Saturday, September 20, 2014

Flush Drexel

Drexel, which as you may recall is one of the top ten law schools in Philadelphia, used to be known at the Earle Mack School of Law.  That is because in the 2006 - 2008 golden age, a man named Earle Mack donated $15 million to the school (along with pledges for $15M from other sources) to get it kick-started and the school put his name on the door.

The largess continued unabated, as in 2013, Mack agreed (out of magnanimous volition, one assumes) that he didn't need to have his name on one of the most elite law schools in the mid-Atlantic:
Since then, the university said, the school has suffered from the global financial crisis and a related decline in the number of applicants to law schools. 
"The Earle I. Mack Foundation and Drexel jointly concluded that this will require an economic foundation beyond what was established by his gift and the university's matching funds," the university said.
Part of me wants to scream something like fucking lemmings!   But lo and behold, ye children of law, every dark cloud has a silver lining, and no shortage of law applicants can stop the rainbows of fun.

Thomas R. Kline, a Philadelphia lawyer who is obviously doing well with his Duquesne legal education representing the poor and downtrodden, is giving $50 million to Drexel, who will slap his name on the door.  They're going to have a new institute of trial advocacy and everything!

For all you shit-for-brains who think law school is going under, the Drexel Model just proved to be an innovative way to get around the fact that no one currently wants to go to law school.

The Drexel Model
1.  Sell law school naming rights to highest bidder.
2.  A few years later, inform original donor that they need a new infusion of cash and it would be best the original donor would remove his name from the school.  In business, this would be a laughable breach of contract and all that, but remember, law schools are non-profit do-gooders who don't have to abide by such rules.
3.   Find a new donor with a massive ego who wound up with more money than sense and get a much larger donation
4.  Repeat Steps 2 and 3.

Let's do some quick financial calculations to see how much the Drexel Model can make a law school over the long term:

2008:  15M
2014:  50M
2020:  150M
2026:  450M
2032:  1.4B

You can tell graduates that they won't make a mint practicing law and charging a reasonable fee for their services (as an aside, if there were a lawyer shortage, how did Kline make so much?), but you can't stop those same law graduates from paying back the system by donating a ton of scratch to a fine law school from which they didn't even graduate.

Perhaps Thomas Jefferson Law School's mistake was naming its school after a dead guy with a longstanding connection to San Diego.  They should look at changing the name to get an instant cash infusion.  Might I suggest the George W. Bush Law School?  Try it out - if it doesn't work, you can change it in a few years for a handsome profit.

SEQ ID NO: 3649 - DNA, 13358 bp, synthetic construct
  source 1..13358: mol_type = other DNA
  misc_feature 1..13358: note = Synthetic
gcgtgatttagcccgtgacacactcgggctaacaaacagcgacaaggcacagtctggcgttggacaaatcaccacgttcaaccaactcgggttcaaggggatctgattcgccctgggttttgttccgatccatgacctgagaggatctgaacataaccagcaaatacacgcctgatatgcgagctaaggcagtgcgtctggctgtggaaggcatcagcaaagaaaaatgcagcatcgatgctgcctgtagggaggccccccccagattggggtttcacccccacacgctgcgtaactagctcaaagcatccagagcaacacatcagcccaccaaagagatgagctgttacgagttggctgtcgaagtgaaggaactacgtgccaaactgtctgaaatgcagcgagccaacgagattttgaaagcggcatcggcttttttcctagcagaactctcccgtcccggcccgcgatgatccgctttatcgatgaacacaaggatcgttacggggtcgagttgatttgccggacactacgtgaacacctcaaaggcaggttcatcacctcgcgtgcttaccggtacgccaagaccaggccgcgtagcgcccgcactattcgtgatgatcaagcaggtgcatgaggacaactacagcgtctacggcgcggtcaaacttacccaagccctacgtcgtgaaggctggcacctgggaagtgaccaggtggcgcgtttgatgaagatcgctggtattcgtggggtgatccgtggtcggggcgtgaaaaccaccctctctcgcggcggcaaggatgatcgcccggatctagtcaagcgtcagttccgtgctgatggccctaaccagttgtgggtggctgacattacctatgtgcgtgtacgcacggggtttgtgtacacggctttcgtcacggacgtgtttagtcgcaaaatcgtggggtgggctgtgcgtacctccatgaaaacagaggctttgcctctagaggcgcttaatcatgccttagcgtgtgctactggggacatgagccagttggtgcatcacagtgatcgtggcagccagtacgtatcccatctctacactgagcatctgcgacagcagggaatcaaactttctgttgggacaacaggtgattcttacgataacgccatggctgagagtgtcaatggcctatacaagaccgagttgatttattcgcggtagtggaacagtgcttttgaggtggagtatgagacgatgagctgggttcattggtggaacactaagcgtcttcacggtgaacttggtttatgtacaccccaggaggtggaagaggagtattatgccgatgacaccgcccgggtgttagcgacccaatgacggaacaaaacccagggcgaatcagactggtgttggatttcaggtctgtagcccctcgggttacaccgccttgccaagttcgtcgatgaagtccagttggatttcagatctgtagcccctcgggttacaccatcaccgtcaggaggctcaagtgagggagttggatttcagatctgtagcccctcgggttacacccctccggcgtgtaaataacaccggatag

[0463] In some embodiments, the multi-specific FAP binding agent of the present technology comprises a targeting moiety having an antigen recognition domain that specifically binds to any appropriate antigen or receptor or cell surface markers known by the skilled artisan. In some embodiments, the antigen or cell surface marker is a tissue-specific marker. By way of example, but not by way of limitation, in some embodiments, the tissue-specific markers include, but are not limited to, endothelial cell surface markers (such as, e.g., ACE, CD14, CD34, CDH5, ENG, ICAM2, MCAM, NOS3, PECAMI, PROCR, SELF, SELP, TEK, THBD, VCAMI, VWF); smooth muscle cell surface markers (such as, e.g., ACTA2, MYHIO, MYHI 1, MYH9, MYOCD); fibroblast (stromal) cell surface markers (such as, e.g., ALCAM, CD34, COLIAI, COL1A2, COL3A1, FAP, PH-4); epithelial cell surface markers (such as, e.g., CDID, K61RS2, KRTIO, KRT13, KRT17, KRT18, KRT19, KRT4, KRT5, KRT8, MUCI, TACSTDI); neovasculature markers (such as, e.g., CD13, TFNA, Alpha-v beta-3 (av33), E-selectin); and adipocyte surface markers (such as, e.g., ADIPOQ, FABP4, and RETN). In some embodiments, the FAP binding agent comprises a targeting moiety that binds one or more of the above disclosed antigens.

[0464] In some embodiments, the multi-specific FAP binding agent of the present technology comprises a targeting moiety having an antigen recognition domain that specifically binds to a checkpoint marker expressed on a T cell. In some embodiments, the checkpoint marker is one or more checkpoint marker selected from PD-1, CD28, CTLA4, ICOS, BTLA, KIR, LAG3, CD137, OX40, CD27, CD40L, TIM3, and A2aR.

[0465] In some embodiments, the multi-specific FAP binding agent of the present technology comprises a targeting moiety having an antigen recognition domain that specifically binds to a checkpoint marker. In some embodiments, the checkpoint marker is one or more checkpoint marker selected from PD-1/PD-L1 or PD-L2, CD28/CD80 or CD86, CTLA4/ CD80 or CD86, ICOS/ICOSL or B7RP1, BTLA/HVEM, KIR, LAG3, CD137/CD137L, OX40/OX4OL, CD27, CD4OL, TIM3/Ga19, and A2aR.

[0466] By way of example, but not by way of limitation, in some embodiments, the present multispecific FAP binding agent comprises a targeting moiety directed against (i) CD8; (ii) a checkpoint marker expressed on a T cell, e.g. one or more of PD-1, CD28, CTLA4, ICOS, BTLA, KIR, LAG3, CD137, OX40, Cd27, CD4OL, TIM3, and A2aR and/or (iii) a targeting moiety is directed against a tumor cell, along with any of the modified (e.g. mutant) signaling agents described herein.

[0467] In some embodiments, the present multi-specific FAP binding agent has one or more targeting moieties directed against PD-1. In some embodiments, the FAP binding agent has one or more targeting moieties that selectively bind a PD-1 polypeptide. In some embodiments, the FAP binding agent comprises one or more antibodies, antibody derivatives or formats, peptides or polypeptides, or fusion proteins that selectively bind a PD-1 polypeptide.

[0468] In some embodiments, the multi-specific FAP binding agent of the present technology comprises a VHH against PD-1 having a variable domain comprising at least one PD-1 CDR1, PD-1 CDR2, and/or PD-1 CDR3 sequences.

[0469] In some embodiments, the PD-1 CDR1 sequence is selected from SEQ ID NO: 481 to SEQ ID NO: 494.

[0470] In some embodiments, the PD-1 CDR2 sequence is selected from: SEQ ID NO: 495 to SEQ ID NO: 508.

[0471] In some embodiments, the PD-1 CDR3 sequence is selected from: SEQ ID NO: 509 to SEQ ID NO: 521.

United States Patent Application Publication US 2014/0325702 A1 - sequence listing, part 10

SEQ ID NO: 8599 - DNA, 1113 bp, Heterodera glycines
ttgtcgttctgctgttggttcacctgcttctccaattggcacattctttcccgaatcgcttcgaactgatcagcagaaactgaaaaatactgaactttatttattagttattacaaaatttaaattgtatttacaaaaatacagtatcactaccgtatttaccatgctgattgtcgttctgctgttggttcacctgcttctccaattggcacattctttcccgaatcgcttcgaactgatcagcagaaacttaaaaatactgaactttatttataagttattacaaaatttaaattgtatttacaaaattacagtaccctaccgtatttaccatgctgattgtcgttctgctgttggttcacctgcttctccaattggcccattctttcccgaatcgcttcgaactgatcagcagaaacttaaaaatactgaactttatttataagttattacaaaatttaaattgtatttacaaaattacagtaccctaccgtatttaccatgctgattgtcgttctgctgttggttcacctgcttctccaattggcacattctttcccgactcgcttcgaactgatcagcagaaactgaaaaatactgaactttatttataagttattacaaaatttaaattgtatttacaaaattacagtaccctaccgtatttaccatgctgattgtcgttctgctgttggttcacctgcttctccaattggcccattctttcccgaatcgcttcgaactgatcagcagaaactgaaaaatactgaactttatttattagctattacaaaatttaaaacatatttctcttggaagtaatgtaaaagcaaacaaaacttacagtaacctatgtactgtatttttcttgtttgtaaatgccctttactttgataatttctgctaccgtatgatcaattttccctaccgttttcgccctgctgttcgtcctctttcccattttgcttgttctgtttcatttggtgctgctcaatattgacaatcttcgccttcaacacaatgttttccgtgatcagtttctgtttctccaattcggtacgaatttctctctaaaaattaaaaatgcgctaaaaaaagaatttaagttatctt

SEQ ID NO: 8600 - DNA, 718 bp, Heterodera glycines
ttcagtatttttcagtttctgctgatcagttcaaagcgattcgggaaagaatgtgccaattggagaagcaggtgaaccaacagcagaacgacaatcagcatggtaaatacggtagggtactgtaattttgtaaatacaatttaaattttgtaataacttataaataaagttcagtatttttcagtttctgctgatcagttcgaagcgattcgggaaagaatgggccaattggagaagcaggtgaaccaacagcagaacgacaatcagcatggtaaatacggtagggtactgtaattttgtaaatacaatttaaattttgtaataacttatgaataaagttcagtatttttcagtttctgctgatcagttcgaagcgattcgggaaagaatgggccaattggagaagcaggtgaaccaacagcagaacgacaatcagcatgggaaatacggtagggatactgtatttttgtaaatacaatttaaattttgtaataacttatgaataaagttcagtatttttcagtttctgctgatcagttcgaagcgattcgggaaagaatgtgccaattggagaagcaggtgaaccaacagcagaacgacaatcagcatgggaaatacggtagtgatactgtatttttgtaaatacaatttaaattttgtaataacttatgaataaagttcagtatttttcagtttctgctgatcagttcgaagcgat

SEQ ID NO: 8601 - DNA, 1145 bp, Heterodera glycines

1. "Let's do some quick financial calculations to see how much the Drexel Model can make a law school over the long term:

    2008: 15M
    2014: 50M
    2020: 150M
    2026: 450M
    2032: 1.4B"

    That was brilliant! I also loved the reference to Drexel being a top 10 Philadelphia law school.

  2. Brilliant observation and recommendations LSTC, you should be charging consulting fees to view this blog. Keep fighting the good fight!

  3. The collapse of the scam will be set back one to two years due to the, uh, philanthropy of vain, gullible, elderly multi-millionaires who think that placing their names on the side of a law school building will secure their legacies as well as big tax deductions.

    1. Most of those schools are pretty quick to take a name off of a building, or even to tear it down without a trace.

  4. Those guys give scamming a bad name. They're nowhere near maximizing their revenues. They should be charging $500K to name a desk, $5 million for a classroom, $50 million for an auditorium, and $500 million to name the entire law school. I mean, it's not every day that you get to put your name on a law school. There's a serious shortage of fourth-tier law schools, just like there's a serious shortage of lawyers.

  5. The comments over at Faculty Lounge imply much of this $50M is in the form of a building which has been disused for a decade. And Drexel are going to spend most of the cash portion of this grant refurbishing the building into a state of the art legal education edifice, complete with "trial advocacy center".

    This grant is a white elephant. They are just going to end up with an expensive to maintain, utterly unnecessary facility.

  6. Damn, for $50 million that guy could've had his name on a builting at a prestigious law school.

  7. Oh great, now we'll never get rid of Drexel law.